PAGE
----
Malicious Until Proven Innocent
Today’s Threat Landscape and its Impact on Operations
By Michael O’Connell, Security Solutions Architect at Aspire Technology Partners
On a recent episode of the Digital Aspirations in Business podcast, we discussed the current threat landscape and strategies organizations can take to solve the unique cybersecurity challenges. Here is one part of the discussion.
Cybersecurity threats vary from industry to industry. Take healthcare, for example: Currently, the healthcare industry has become a primary target for ransomware. Ransomware is often spread through phishing emails that contain malicious attachments or through drive-by downloading. Drive-by downloading occurs when a user unknowingly visits an infected website, and then malware is downloaded and installed without the user’s knowledge. More recent methods of ransomware infection include exploiting vulnerable Web servers as an entry point to gain access to an organization’s network.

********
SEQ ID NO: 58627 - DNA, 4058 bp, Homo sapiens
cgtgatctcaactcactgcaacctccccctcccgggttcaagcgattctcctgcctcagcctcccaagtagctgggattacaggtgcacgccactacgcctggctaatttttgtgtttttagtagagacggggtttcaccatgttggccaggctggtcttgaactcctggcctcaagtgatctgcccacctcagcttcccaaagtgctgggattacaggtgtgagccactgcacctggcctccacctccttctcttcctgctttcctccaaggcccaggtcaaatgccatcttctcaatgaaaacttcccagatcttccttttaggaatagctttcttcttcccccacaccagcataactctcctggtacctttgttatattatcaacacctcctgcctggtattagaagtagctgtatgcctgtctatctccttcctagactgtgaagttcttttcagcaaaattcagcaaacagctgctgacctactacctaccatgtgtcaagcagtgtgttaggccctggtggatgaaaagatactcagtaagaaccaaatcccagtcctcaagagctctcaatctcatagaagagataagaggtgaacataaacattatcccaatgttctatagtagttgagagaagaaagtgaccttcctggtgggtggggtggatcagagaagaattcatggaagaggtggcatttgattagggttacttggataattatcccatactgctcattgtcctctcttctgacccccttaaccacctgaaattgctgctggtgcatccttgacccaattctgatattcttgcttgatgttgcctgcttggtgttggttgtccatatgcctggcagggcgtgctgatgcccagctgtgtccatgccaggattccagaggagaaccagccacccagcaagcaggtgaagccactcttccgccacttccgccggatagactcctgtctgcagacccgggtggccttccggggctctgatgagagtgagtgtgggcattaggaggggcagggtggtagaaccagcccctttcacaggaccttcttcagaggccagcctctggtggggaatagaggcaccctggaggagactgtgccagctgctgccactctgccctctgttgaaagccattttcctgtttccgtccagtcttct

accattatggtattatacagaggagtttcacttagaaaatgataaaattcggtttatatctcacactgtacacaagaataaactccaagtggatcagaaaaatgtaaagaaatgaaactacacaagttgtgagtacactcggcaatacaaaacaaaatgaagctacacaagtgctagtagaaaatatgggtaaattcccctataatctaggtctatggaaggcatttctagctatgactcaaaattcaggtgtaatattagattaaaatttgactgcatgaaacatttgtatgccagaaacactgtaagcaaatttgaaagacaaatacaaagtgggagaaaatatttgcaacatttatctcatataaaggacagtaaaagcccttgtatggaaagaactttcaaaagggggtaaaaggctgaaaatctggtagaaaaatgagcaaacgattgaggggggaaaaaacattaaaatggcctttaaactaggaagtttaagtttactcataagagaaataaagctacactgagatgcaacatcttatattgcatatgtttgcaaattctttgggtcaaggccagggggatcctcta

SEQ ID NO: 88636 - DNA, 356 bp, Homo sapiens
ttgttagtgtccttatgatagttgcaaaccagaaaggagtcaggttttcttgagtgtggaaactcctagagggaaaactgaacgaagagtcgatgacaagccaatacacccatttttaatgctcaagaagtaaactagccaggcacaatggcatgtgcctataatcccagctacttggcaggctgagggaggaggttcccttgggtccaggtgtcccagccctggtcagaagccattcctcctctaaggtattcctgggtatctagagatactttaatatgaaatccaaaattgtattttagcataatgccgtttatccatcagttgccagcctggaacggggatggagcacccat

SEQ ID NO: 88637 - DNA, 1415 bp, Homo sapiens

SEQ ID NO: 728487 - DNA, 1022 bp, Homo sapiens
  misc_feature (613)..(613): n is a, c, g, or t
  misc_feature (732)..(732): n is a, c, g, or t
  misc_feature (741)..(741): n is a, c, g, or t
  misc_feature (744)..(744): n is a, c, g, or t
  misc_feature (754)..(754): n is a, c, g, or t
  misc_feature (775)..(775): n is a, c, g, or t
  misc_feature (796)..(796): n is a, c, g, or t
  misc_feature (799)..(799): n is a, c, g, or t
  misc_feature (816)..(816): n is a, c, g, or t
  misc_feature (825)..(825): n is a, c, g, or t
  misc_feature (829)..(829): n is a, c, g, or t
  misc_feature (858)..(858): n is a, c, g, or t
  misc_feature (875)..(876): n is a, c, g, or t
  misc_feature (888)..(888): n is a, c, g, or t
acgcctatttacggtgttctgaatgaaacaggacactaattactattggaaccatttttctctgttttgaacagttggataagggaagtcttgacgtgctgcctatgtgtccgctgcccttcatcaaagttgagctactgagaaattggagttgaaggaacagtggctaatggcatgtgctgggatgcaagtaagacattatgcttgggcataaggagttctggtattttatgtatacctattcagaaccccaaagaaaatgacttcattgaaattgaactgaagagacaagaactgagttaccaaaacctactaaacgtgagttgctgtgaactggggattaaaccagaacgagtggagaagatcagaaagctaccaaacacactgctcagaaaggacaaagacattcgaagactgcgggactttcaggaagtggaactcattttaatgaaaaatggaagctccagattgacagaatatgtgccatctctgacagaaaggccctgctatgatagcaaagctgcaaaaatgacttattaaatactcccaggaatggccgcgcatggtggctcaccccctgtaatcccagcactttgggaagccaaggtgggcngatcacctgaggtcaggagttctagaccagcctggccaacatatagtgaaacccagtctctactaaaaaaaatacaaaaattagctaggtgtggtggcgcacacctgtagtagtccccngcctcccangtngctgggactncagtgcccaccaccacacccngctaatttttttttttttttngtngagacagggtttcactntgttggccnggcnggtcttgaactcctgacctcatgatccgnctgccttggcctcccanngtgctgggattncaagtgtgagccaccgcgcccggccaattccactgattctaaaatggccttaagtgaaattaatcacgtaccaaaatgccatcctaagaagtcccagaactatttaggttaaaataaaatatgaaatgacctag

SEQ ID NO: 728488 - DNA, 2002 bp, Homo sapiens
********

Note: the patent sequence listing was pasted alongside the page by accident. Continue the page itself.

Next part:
When ransomware successfully infiltrates a system, it can lead to negative consequences, including temporary or permanent loss of sensitive or proprietary information, disruption to regular operations, and financial losses incurred to restore systems and files. In some instances, healthcare providers have had to resort to pen and paper while security issues are addressed, and systems restored.
Horizontally, other industries are currently struggling with legacy infrastructure challenges and the influence of remote work on threat mitigation strategies.
Budget cuts create legacy infrastructure challenges
Covid created a seismic shift in the way network and security engineers approach their work. The pandemic also put a general strain on funding. As companies face new financial challenges, budgets are shrinking. As a result, legacy infrastructure remains stagnant as IT departments lack funding to replace and upgrade necessary tools and applications.
Here are 4-ways you can address your legacy infrastructure while minimizing the impact on your budget: